Cats- Carnivorous, canned food cravings

We wrote an article a few months back that gave an overview of our philosophy about feeding our dogs and cats. One of the main concepts that we discussed was the importance of high protein (high quality and high %), and low carbohydrate.

Our house cats are true carnivores; some of us have witnessed the “preferred diet” of these adept hunters, when they try to share their bounty with us. I have always discouraged cat owners from allowing their cats to spend time outside – the risks from coyotes, and cars and other traumas is too high in our environment. However, outdoor cats do have some health benefits that some indoor cats don’t have.

If we compare a sedentary indoor only cat that is obese, eating a poor quality dry cat food that is high in carbohydrates, and has a low quality protein to an outdoor barn cat living on rodents and small birds, you would find two very different animals.

Of course the indoor cat would not be at risk for fight injuries or trauma from other predators or car accidents, but he might be dangerously prone to diabetes, liver disease and urinary tract problems.

It has been said that the ideal diet for house cats would be whole canned rats – but the challenges of marketing this to the cat owning public would be insurmountable. My friend David, has a get rich quick scheme that solves 2 problems at once. First we locally harvest a sustainable population of organic, free range pack rats – preventing the destruction of houses and automobile wiring throughout the desert southwest. Then we produce a healthy, nutritionally complete and balanced high protein cat food and market it as…..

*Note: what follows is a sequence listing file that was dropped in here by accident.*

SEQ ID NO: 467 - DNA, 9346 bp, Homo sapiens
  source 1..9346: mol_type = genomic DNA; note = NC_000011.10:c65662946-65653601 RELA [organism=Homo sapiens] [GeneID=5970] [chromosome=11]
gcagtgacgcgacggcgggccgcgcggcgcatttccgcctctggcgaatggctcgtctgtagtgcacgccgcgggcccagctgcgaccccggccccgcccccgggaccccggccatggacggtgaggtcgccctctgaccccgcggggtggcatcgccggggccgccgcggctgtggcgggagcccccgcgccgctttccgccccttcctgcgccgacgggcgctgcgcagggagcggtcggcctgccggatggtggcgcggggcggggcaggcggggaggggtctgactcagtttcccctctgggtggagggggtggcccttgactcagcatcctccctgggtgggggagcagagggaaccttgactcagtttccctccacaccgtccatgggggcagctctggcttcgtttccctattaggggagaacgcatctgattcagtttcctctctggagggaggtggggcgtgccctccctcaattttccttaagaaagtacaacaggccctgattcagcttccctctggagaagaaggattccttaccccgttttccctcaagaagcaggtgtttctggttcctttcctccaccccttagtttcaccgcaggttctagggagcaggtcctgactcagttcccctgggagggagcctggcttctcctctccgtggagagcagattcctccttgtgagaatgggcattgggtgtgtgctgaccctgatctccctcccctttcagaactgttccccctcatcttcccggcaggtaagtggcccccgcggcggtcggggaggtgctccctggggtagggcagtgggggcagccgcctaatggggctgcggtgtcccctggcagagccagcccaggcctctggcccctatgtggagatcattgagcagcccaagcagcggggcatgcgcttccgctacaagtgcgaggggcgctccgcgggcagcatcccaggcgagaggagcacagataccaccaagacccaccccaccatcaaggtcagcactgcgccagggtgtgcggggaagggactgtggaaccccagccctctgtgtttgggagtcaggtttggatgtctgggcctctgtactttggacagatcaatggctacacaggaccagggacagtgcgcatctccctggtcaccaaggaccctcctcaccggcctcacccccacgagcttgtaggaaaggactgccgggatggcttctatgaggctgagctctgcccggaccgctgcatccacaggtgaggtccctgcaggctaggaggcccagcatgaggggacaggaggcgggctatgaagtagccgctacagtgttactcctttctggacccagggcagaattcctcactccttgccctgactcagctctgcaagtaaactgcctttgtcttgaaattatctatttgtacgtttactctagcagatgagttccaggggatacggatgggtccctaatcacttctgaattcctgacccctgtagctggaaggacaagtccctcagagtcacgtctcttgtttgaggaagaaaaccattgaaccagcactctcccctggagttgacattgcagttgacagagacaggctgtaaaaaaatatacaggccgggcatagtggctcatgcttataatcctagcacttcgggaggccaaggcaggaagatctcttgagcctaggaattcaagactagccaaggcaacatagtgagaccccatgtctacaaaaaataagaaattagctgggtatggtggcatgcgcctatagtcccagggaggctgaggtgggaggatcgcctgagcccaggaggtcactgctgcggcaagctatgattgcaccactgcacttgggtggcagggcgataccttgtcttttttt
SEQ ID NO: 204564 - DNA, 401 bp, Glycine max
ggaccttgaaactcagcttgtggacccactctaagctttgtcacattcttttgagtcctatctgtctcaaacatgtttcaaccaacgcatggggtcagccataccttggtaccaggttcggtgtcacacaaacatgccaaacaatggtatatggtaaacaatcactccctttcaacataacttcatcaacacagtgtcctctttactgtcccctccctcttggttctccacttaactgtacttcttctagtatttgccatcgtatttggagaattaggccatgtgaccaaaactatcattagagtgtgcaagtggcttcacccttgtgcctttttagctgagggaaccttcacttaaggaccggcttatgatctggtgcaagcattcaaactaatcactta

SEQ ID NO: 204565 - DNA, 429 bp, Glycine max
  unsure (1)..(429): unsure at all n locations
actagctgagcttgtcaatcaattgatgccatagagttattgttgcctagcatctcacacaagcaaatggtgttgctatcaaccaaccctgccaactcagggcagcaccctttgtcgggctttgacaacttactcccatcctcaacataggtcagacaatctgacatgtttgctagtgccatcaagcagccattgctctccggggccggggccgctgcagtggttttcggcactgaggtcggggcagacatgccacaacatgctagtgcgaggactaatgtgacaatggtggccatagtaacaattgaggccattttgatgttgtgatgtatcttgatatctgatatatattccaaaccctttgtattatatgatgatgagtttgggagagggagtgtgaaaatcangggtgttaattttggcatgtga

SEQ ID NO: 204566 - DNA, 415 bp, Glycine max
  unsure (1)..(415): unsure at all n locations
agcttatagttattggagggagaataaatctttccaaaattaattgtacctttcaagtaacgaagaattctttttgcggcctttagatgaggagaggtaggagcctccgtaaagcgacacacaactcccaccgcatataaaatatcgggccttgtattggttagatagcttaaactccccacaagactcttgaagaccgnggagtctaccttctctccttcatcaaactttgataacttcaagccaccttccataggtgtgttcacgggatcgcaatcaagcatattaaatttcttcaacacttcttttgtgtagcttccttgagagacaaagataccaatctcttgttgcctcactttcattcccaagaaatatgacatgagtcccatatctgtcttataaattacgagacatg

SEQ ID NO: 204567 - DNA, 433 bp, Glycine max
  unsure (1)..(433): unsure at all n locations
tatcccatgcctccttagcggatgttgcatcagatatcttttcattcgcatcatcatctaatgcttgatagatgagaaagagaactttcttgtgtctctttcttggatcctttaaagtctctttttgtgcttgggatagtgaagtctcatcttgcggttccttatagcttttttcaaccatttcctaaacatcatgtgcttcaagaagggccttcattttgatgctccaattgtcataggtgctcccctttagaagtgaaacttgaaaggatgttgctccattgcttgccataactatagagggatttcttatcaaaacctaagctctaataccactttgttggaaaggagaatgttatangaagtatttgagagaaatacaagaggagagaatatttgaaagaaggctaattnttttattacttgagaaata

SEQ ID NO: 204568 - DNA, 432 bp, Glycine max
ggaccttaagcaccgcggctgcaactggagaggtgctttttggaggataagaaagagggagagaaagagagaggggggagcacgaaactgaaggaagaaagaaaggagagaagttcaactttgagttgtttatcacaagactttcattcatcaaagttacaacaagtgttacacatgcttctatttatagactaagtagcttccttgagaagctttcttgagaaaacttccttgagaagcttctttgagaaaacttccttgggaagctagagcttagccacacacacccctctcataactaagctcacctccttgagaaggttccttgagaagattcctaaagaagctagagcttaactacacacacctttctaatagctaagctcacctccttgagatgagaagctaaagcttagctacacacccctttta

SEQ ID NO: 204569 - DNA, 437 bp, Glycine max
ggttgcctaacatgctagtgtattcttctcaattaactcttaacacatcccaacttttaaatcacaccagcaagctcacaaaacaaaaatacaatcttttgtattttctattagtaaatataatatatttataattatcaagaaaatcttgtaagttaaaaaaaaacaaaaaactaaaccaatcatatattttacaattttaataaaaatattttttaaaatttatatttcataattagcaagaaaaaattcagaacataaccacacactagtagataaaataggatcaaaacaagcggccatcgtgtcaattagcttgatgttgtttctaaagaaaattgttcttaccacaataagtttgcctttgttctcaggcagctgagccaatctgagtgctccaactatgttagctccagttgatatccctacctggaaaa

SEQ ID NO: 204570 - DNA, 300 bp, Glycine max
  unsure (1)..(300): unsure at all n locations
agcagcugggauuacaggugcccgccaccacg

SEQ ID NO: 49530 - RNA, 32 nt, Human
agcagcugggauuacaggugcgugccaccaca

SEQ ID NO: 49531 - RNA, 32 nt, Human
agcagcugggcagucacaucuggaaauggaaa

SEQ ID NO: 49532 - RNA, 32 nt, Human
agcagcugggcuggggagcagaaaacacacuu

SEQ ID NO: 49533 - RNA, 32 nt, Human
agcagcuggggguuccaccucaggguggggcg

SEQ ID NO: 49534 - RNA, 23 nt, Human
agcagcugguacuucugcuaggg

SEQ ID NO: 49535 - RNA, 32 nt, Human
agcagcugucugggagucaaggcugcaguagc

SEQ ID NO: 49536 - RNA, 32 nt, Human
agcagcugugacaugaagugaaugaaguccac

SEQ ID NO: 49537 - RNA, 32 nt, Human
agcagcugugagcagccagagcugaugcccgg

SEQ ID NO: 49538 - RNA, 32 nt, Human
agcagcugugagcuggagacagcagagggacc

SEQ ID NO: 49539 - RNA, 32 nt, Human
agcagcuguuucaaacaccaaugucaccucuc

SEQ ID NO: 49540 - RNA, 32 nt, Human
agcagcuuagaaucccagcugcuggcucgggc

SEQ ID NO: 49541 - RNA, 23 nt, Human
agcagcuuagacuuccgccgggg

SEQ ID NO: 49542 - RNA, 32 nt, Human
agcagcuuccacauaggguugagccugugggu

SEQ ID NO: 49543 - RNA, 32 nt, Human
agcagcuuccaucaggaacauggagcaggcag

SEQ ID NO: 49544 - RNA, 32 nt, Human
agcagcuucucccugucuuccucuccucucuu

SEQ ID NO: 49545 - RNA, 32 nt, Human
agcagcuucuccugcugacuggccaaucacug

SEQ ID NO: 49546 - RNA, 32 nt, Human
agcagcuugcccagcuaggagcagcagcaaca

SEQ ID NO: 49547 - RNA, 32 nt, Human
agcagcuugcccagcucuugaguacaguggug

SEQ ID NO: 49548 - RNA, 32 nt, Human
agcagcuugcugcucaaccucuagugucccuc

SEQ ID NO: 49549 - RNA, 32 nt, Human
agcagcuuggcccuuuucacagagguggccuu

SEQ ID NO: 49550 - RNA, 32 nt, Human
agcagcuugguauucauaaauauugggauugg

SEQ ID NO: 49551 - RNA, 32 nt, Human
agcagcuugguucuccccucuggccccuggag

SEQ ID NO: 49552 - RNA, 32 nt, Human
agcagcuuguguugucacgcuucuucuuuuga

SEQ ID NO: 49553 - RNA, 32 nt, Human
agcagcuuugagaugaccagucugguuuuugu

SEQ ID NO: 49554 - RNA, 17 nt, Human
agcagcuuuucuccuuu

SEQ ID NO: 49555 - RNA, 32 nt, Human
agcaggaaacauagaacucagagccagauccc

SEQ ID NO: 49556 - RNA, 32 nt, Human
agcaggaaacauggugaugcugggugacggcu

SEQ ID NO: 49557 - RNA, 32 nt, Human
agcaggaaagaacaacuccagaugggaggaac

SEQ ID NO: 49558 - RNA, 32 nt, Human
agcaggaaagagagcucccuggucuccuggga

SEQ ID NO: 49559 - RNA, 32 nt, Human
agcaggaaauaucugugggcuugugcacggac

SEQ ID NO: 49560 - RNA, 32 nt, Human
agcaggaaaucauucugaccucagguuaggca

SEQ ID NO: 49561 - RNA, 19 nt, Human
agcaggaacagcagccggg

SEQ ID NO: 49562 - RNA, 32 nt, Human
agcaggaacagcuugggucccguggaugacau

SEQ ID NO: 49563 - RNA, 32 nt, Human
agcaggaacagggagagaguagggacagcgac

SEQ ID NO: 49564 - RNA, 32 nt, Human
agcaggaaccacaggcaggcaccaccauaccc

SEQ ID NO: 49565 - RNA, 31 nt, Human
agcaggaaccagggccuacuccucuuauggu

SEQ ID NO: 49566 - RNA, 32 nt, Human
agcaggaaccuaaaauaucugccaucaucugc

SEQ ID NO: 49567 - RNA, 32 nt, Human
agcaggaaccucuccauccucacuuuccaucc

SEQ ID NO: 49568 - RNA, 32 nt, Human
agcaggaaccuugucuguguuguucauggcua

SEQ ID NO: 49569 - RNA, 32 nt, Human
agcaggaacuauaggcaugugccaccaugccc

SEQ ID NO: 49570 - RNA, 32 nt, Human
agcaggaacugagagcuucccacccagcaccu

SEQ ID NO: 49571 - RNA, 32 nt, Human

There is a great resource online for people who are more interested in nutrition for their cats. The website is written by a feline veterinarian, and it has a ton of information about choosing good cat foods and what to look for on food labels. She also has an eight (!) page article helping cat owners transition their cats from all dry food over to canned food. Believe it or not, many cats that have eaten one type of food their whole life will not be amenable to change. Although that applies to a lot of us.

What's Next

  • 1

    Call us or schedule an appointment online.

  • 2

    Meet with a doctor for an initial exam.

  • 3

    Put a plan together for your pet.